There's another article comparing the '84 Tigers to the '06 Pistons in today's Free Press:
If everything goes well tonight, the Pistons will rack up a 35-5 record in their first 40 games.
And it will have been the quietest 35-5 streak for a Detroit sports franchise in almost 22 years.
If you are 30 or older, you might remember the last one.
The Tigers won 35 of their first 40 games in 1984, and those 40 games were accompanied by such a fuss -- both locally and across the nation -- that you would think there is a conspiracy afoot to keep a lid on the Pistons' accomplishment.
The Pistons, of course, are attracting sell-out crowds at the Palace. The energy level is intense. They are a great team. But away from Auburn Hills, the buzz surrounding their streak has been, well, a little streaky compared to what happened in 1984.
That streak became a regional drama. It seemed like virtually every person in metro Detroit knew the Tigers' record on any given day.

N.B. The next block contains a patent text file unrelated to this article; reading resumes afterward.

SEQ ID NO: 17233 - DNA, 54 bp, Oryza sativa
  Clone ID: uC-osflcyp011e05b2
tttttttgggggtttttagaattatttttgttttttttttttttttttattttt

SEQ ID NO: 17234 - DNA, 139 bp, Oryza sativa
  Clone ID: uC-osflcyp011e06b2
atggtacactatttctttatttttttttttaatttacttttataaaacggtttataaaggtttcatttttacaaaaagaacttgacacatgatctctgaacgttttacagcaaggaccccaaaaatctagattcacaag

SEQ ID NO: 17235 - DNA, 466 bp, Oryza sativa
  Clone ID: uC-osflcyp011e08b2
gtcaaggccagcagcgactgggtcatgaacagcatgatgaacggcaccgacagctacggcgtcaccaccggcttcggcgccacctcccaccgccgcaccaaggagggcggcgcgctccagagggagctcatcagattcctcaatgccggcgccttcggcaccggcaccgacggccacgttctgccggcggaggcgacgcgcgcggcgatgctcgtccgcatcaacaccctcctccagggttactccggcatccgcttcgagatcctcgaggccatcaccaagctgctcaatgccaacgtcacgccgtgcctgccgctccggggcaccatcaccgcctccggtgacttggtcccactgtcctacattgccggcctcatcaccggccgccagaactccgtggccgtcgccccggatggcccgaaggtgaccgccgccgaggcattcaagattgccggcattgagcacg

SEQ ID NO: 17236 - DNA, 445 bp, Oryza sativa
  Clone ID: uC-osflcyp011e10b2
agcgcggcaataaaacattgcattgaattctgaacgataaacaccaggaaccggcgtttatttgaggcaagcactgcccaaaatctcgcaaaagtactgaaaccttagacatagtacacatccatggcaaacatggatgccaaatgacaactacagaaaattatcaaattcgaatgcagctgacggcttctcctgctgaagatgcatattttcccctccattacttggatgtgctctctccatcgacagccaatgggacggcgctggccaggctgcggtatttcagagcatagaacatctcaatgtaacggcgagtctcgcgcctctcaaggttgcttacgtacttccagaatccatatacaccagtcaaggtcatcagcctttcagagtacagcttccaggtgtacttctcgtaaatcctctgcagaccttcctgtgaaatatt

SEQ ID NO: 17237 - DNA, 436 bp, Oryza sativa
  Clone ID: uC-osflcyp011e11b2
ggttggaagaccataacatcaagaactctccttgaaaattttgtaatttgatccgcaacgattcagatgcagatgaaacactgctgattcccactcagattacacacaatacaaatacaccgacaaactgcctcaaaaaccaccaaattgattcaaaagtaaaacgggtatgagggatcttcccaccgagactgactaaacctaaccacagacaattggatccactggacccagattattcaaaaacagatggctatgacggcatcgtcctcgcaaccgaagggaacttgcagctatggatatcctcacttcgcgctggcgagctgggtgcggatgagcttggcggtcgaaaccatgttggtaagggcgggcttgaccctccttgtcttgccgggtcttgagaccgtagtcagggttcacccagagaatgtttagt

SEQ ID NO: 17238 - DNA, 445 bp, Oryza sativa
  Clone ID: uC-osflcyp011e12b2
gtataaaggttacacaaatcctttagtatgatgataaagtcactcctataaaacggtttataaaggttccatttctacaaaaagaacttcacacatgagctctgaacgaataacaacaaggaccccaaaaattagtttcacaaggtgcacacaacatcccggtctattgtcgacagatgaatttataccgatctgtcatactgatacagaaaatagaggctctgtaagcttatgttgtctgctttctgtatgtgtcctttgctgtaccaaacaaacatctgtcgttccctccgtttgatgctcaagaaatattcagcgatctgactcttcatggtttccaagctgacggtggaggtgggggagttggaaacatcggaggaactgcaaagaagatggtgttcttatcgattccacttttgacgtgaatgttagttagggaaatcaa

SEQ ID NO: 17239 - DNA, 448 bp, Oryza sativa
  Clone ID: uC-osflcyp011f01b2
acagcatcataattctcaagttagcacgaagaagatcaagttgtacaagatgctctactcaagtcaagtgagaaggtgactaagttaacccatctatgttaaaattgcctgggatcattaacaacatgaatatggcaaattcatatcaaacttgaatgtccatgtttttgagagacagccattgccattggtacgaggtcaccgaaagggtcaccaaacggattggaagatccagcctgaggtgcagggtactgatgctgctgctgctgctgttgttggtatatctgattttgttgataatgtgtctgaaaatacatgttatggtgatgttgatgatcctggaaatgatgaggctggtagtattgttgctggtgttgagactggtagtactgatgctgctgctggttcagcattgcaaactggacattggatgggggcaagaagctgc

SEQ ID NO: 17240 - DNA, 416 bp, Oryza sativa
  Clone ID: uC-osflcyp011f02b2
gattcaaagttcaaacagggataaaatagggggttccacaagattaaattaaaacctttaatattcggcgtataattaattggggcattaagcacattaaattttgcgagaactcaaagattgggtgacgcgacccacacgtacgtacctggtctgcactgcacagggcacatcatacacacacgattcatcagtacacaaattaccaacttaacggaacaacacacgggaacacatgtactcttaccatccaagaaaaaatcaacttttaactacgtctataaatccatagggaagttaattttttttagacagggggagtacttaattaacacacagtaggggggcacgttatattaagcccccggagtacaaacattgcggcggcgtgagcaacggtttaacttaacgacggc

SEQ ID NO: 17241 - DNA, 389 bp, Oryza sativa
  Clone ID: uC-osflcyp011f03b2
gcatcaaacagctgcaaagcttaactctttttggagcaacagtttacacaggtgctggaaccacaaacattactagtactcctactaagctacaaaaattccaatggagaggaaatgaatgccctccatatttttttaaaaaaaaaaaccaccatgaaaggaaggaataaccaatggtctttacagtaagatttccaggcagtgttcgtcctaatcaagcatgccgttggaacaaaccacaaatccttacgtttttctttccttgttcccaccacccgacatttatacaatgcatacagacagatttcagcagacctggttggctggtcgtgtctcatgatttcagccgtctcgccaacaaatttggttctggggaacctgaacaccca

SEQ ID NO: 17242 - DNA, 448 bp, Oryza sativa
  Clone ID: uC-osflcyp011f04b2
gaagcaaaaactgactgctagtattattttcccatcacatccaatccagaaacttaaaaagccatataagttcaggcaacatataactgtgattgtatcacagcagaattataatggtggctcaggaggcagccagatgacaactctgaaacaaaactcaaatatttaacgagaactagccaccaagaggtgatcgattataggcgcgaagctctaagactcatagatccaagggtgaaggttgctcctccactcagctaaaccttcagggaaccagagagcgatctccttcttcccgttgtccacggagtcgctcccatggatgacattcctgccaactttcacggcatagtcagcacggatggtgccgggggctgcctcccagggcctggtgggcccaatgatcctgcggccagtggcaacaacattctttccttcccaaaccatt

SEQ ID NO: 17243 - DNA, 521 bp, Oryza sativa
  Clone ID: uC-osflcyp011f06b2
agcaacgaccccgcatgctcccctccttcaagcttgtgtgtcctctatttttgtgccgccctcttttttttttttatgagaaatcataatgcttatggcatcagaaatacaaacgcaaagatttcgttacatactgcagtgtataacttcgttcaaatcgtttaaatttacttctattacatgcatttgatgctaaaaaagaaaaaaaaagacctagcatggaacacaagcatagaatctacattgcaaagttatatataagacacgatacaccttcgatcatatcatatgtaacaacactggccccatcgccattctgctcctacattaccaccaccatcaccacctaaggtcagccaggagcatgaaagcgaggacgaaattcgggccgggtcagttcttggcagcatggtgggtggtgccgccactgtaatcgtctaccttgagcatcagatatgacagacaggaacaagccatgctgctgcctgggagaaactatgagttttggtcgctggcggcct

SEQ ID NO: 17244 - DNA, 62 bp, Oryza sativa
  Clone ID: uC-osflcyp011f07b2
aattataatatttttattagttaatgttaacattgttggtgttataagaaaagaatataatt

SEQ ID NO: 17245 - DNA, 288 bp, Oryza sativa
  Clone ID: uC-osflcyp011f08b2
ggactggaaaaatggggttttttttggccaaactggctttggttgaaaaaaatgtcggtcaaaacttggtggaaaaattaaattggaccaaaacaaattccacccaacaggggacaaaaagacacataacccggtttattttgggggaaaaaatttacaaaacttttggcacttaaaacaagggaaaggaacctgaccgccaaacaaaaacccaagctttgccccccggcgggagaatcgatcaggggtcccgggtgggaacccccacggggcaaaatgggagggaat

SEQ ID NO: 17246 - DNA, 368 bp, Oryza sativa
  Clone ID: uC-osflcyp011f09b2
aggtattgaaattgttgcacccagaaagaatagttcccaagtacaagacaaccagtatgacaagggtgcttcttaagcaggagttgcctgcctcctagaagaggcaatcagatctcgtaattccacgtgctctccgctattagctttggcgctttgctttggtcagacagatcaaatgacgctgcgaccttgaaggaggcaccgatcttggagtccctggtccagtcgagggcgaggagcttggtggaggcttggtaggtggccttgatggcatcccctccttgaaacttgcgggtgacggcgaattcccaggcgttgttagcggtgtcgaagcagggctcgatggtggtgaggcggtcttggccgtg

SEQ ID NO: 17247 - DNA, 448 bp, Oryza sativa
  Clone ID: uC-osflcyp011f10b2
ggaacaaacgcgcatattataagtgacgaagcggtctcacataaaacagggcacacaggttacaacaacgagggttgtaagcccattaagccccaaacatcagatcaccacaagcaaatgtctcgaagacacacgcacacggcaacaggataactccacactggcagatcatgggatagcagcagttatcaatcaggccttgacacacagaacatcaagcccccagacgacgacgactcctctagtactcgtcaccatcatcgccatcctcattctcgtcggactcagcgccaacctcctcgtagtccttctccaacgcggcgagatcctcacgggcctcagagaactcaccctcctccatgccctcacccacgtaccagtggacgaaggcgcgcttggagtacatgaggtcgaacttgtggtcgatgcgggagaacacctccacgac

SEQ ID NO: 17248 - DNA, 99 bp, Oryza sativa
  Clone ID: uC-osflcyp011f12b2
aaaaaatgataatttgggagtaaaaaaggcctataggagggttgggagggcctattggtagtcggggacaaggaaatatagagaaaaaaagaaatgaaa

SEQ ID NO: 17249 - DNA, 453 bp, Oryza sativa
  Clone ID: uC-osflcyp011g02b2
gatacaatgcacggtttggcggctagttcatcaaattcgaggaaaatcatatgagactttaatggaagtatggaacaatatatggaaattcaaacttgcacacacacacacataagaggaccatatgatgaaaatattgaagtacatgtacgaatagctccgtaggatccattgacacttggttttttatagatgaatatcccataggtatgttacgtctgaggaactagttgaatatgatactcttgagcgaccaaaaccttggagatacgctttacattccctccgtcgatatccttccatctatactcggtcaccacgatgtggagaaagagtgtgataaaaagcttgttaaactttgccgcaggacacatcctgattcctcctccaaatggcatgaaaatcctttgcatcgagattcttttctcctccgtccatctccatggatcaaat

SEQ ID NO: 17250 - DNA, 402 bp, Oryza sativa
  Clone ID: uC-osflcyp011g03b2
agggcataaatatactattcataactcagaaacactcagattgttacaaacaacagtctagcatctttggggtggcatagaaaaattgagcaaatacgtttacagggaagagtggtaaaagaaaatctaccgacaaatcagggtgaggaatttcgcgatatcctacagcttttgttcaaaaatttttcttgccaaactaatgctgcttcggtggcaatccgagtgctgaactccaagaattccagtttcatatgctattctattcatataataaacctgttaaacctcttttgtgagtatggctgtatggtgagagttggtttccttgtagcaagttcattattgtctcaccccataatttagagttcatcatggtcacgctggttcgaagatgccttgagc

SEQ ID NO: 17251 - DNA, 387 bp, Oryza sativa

Baseball dominated the local conversation and the local media. On May 2, 1984, for example, Mort Crim, speaking as if the pope had died, led Channel 4's 11 p.m. newscast with this earth-shaking news: The Tigers had just lost their third game.
It's clear people are paying attention to Detroit's fast start -- the Palace has been sold out for over a year, TV ratings are through the roof, the national media is arguing for Chauncey Billups as the MVP and debating whether Detroit can win 70 games.
But why hasn't the hype reached epidemic purportions? Like Bill McGraw says in the article, I think having the Super Bowl in town is a factor, as well as the Lions coaching change, and from what I gather people do still watch hockey. But the real answer seems pretty clear: the schedule.
Baseball is a daily game, and when a team is on a roll it's easy to get caught up in the fact that they haven't lost in two weeks, because that results in a good 12-14 game winning streak. But with basketball, even diehard fans have a difficult time remembering the exact schedule beyond the next game or two, and "a good two weeks" could easily just mean five wins in a row. Stepping back and taking a big-picture look at things, of course the Pistons' start is more impressive -- it represents nearly half of their season! -- but it'll likely take maintaining this current pace well into the second half before the hype surrounding the record reaches a fever pitch.
'84 hype still unmatched [Detroit Free Press]